Tuesday, December 30, 2014

Instructions

Zanner and I put together a multitude of Little Tykes playsets.  She, newly divorced and childless, I, newly retired and overwhelmed, sat on the floor of my living room with orange and blue and yellow plastic tubes and steps and connectors neatly organized by size and shape.  Our heads were invariably cradled in our hands. The instructions were inscrutable.

Written in Korea or China or Taiwan by humans fluent in languages other than English, there was no recourse to grammar or sentence structure or definitions; the pages had a logic all their own. Each piece was designed to slip easily into its corresponding section, or so the pages would have us believe.  The reality was always much more complicated.

Hours passed.  Laughter turned to tears turned to anger.  It was a good thing that Big Cuter was too young to understand the verbiage; it was certainly not rated for an infant's ears.  We managed to get the slide attached to the climbing house.... or so we thought until we stood the whole thing up and realized that the damn thing was inside instead of outside.  I'll never forget her face as she wondered how much I really wanted my son to have this particular toy..... if looks could kill I wouldn't be typing to you right now.

Thankfully, that phase of childhood ended.  As they matured, the kids were much more competent than I at assembling their presents.  When 650 piece Leggo sets arrived, I deferred to their father.  My role was to keep him from hurting them after they began disassembling the castle he'd spent two days constructing.  It was his sister's Christmas present, I was out of that loop..... thankfully.

 
All this came screaming back to me on Christmas afternoon.  SIR sent me his magic shirt folding device after I'd ooh'ed and aah'ed about it as I folded their laundry.  Place the shirt in the middle.  Flip the right side.  Unflip.  Flip the left side.  Unflip. Flip the bottom. Unflip.  Voila! You have a perfectly creased t-shirt to sit neatly in your drawer.  I was hooked. 

Creating the connections was not as simple as it might have been.
It was a blast from the past..... and not a pleasant blast at that.
In that moment, I was back on the floor, three decades ago, screaming at inanimate, colorful, plastic, pieces with no discernable markings to guide me.
 
Let me quote from the front of the instructions. 
*Design of movable ring, adjustable thickness, in use, thin clothing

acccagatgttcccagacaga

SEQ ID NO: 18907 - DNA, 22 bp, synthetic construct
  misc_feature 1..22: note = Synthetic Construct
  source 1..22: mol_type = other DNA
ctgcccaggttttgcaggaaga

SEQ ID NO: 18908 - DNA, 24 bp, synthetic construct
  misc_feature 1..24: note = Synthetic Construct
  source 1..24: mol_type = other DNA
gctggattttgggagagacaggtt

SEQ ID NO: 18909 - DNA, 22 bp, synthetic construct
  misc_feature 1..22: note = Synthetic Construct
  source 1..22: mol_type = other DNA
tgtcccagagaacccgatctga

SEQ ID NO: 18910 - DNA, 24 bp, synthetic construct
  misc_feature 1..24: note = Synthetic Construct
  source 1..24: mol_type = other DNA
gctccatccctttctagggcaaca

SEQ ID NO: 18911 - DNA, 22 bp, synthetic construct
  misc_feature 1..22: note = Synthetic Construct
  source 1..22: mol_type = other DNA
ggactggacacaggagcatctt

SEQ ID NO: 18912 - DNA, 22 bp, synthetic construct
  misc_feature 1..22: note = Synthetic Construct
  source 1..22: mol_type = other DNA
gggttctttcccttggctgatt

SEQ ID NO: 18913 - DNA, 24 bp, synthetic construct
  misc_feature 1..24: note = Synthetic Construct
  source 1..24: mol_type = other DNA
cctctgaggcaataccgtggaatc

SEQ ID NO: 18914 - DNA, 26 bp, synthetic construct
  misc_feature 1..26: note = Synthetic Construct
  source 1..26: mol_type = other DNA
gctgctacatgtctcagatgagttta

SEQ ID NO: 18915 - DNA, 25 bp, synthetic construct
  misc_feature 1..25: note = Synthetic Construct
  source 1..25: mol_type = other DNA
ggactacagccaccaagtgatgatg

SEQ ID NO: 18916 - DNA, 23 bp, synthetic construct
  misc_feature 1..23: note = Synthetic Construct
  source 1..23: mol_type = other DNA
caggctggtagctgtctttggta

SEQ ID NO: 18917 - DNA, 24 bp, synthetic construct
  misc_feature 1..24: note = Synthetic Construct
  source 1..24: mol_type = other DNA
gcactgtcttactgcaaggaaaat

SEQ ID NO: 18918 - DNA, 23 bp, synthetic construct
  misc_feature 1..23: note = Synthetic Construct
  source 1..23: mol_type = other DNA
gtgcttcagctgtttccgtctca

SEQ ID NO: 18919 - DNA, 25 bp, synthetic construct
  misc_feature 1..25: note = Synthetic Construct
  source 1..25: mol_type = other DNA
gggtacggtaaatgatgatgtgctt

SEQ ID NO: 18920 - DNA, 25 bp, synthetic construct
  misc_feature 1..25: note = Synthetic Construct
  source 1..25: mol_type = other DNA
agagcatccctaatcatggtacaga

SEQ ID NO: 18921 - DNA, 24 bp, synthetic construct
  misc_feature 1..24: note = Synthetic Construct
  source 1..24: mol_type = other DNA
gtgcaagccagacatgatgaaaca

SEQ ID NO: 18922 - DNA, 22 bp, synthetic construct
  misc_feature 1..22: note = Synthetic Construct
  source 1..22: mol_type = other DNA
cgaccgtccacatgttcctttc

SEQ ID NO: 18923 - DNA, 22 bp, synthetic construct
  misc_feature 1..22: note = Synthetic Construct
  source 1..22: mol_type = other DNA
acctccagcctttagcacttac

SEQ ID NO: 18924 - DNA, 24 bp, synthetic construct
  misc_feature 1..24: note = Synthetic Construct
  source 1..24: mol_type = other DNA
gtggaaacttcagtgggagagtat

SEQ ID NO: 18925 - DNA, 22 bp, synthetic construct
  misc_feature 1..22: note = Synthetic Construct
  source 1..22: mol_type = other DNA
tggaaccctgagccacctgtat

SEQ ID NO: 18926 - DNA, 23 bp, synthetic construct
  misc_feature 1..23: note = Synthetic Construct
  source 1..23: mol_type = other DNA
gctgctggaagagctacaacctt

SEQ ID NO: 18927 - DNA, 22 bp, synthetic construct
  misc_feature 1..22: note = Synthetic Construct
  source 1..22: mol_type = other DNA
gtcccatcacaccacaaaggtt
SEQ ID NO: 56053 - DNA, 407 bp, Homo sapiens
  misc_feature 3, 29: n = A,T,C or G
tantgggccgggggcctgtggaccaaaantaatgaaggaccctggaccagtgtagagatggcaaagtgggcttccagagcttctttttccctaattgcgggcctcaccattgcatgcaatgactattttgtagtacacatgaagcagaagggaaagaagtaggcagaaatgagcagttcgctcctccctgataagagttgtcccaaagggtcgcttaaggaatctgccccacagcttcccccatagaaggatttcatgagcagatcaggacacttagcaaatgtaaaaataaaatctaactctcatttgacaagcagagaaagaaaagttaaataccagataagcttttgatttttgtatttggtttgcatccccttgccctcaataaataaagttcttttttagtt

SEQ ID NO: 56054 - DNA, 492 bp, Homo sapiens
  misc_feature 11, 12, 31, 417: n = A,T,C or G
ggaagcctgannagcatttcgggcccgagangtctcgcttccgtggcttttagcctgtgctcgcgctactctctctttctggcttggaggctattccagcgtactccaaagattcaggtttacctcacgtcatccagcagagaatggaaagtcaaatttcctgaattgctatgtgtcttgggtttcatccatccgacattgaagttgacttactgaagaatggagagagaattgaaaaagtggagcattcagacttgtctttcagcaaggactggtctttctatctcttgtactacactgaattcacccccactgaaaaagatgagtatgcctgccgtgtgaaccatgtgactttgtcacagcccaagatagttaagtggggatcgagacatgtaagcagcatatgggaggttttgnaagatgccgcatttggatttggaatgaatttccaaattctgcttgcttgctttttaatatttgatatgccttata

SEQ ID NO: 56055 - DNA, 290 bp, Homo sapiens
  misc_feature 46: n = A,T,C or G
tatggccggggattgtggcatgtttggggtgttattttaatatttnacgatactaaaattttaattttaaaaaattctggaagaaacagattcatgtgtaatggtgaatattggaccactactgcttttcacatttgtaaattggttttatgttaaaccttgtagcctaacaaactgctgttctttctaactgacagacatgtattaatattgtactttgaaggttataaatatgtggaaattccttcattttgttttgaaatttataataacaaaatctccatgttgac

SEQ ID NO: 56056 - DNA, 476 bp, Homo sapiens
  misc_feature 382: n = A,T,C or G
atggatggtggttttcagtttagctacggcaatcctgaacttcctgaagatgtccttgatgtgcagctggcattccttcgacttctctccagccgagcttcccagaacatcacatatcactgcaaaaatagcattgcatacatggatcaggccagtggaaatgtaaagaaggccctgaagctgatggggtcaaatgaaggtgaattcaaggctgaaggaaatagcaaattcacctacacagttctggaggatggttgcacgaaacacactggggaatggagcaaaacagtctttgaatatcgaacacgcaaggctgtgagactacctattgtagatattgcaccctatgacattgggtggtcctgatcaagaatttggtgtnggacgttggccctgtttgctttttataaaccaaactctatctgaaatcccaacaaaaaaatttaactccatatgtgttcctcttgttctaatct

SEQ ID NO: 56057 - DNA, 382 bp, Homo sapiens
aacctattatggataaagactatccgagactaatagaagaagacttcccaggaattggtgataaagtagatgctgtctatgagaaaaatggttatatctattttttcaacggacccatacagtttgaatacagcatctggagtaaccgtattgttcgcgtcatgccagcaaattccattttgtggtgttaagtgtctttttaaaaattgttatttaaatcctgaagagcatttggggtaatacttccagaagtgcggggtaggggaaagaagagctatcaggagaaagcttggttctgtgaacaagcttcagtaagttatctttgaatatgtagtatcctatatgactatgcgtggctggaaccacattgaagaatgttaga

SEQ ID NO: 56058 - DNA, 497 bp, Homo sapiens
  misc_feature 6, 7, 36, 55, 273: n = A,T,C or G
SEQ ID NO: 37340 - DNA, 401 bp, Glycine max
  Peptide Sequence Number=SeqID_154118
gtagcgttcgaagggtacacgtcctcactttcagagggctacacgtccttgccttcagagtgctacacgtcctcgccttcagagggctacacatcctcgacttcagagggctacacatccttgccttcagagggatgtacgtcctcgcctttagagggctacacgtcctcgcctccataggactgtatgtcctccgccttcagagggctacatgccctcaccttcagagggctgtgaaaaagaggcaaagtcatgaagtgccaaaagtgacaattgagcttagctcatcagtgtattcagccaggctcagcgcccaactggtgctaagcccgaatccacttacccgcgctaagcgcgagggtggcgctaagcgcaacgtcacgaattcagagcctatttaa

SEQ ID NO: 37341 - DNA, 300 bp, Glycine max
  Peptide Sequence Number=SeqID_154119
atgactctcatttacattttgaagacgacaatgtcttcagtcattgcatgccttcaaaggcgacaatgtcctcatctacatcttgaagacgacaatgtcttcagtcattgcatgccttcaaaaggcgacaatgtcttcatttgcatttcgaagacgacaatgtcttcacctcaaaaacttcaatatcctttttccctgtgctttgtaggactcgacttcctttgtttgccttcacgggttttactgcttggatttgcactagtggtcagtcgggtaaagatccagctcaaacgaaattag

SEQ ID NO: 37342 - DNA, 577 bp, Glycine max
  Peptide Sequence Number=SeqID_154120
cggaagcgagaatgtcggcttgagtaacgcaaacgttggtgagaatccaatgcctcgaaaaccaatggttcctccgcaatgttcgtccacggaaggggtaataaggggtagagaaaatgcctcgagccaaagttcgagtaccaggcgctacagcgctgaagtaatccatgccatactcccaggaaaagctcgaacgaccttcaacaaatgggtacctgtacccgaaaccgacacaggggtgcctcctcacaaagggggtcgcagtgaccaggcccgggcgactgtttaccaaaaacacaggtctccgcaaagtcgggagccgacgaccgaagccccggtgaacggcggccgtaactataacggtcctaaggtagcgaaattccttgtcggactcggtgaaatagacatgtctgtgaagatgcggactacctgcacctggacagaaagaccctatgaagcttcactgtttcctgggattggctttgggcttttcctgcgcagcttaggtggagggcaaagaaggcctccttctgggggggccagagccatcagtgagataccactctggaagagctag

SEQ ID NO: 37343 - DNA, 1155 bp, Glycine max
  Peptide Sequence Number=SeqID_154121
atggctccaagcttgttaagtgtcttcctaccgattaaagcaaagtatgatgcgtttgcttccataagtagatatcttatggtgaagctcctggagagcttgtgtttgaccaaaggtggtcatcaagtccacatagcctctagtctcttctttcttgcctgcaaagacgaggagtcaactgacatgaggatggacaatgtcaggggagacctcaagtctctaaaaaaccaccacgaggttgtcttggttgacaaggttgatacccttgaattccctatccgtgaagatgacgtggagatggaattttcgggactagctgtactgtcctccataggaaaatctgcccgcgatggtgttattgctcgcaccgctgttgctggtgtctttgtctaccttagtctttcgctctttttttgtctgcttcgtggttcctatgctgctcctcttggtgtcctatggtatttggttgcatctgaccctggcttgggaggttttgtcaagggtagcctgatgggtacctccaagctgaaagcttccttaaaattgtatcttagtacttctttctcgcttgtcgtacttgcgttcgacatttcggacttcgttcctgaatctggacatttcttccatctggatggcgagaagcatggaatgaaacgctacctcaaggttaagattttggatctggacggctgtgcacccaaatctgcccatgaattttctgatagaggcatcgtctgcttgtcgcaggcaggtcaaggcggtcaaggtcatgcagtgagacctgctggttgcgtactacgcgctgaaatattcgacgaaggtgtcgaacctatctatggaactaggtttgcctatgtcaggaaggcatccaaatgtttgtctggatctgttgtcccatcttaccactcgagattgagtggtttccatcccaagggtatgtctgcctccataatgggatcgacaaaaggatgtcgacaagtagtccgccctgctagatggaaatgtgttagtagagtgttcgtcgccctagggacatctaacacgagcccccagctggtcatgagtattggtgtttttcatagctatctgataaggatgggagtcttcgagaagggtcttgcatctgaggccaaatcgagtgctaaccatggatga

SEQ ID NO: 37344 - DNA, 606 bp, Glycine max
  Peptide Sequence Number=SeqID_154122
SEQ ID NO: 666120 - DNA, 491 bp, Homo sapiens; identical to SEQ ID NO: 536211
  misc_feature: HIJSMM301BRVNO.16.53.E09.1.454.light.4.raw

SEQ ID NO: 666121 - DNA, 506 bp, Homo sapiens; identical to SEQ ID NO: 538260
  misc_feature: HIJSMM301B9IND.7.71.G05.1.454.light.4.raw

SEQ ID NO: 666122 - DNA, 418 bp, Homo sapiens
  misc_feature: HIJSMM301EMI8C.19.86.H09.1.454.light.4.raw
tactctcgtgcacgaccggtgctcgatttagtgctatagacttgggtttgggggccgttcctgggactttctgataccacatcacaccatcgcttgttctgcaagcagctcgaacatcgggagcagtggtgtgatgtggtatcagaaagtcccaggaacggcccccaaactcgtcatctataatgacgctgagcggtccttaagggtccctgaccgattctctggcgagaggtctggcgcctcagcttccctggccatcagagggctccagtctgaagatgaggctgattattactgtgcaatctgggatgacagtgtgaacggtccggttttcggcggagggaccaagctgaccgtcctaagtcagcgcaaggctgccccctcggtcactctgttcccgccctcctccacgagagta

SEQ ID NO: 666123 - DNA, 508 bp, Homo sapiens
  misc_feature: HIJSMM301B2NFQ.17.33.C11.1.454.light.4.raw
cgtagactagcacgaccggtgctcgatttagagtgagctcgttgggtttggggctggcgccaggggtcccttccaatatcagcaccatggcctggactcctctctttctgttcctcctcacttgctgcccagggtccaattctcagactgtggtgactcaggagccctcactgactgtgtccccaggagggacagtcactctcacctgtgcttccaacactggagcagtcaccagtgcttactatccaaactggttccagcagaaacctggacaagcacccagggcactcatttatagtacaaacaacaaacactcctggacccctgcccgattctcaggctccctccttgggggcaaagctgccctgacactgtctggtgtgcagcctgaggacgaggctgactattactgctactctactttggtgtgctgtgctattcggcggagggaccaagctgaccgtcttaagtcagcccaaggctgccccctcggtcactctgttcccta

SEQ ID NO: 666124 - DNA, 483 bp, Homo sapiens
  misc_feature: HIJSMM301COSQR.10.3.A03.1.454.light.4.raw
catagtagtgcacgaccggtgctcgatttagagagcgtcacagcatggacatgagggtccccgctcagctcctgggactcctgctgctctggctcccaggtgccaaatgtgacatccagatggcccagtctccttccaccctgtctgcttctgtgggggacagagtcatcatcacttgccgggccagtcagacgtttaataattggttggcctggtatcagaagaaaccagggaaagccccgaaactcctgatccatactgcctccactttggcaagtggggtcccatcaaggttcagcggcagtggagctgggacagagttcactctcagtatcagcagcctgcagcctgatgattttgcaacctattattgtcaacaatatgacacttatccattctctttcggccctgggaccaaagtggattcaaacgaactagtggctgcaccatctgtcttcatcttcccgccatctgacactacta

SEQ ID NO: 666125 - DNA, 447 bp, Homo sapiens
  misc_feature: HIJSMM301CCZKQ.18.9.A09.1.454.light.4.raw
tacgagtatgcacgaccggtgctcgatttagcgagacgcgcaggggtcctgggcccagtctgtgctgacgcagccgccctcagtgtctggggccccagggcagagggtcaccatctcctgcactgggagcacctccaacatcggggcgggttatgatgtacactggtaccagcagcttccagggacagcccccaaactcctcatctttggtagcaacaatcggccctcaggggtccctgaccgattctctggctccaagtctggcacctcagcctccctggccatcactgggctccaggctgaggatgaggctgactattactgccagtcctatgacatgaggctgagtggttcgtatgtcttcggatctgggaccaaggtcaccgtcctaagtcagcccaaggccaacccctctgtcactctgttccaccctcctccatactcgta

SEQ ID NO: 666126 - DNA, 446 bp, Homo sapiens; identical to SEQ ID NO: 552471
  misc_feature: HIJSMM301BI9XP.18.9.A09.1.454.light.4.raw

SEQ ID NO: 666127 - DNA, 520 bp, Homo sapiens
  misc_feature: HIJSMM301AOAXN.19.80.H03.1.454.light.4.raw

*The durable material, strong toughness, ductility, can use millions of times.
 *Only 3 steps, 3 seconds can be finished garment finishing
*Trousers, shirt, pajamas, T-shirts, thick clothes can be used.
Where to begin?  The random "in use" in the first line?  Ductility and strong toughness in the second?  All those finish words in the third?  Only the last line gave me hope. 


Then I turned the page over.

There were only four pieces to the device.  None of them were numbered or labeled in any way - front /back, left/right, up/down.

The instructions labeled them 1 through 6.

The first use of installation and operation section began with this:
   Open the packaging, install the 2.6 can be used.

In retrospect, 2 and 6 were identical and thus could have been installed interchangeably without a problem.  I spent much too much time looking for piece 2.6.

The diagram became my friend, as the words were more and more hilarious
1second piece four fixed angle First piece inserted. 
2second piece eight fixed holes Press in fixing
3sixth piece four fixed angle Fifth piece inserted
And on it went. 

There was an arrow pointing to a thin coat of interval.

We were flummoxed.

1 different interval time. Will be first 4,5 demolition. Open.

Big Cuter began to be interested ---- demolition sounded like fun.

And we laughed and we pressed and we jiggled and we coaxed and suddenl the whole thing was together and I was sitting on the floor of the living room with a pile of clean Cuter clothes and the perfect tool to create small, neat piles.

I am very glad that SIR and Little Cuter are in charge of FlapJilly's creations this time around.



 



 
 

4 comments:

  1. Haha that's so evil! Ours came pre-assembled... 😊

    ReplyDelete
    Replies
    1. Of course it did... your house comes equipped with SIR, who can make anything work/go together. I, on the other hand, suffered alone, with your brother and father laughing from the sidelines.
      a/b

      Delete
  2. I hate putting stuff together. Hubby has much more patience for it than I do. The past few days, he's been putting together lots of legos and Transformers. He likes it, me not so much.

    Hopefully, the Little Tykes plates is now together.

    Hope you are having a nice holiday.


    Megan xxx

    ReplyDelete
    Replies
    1. Some Assemly Required is now my benchmark for "Leave This Product on the Shelf"
      a/b

      Delete

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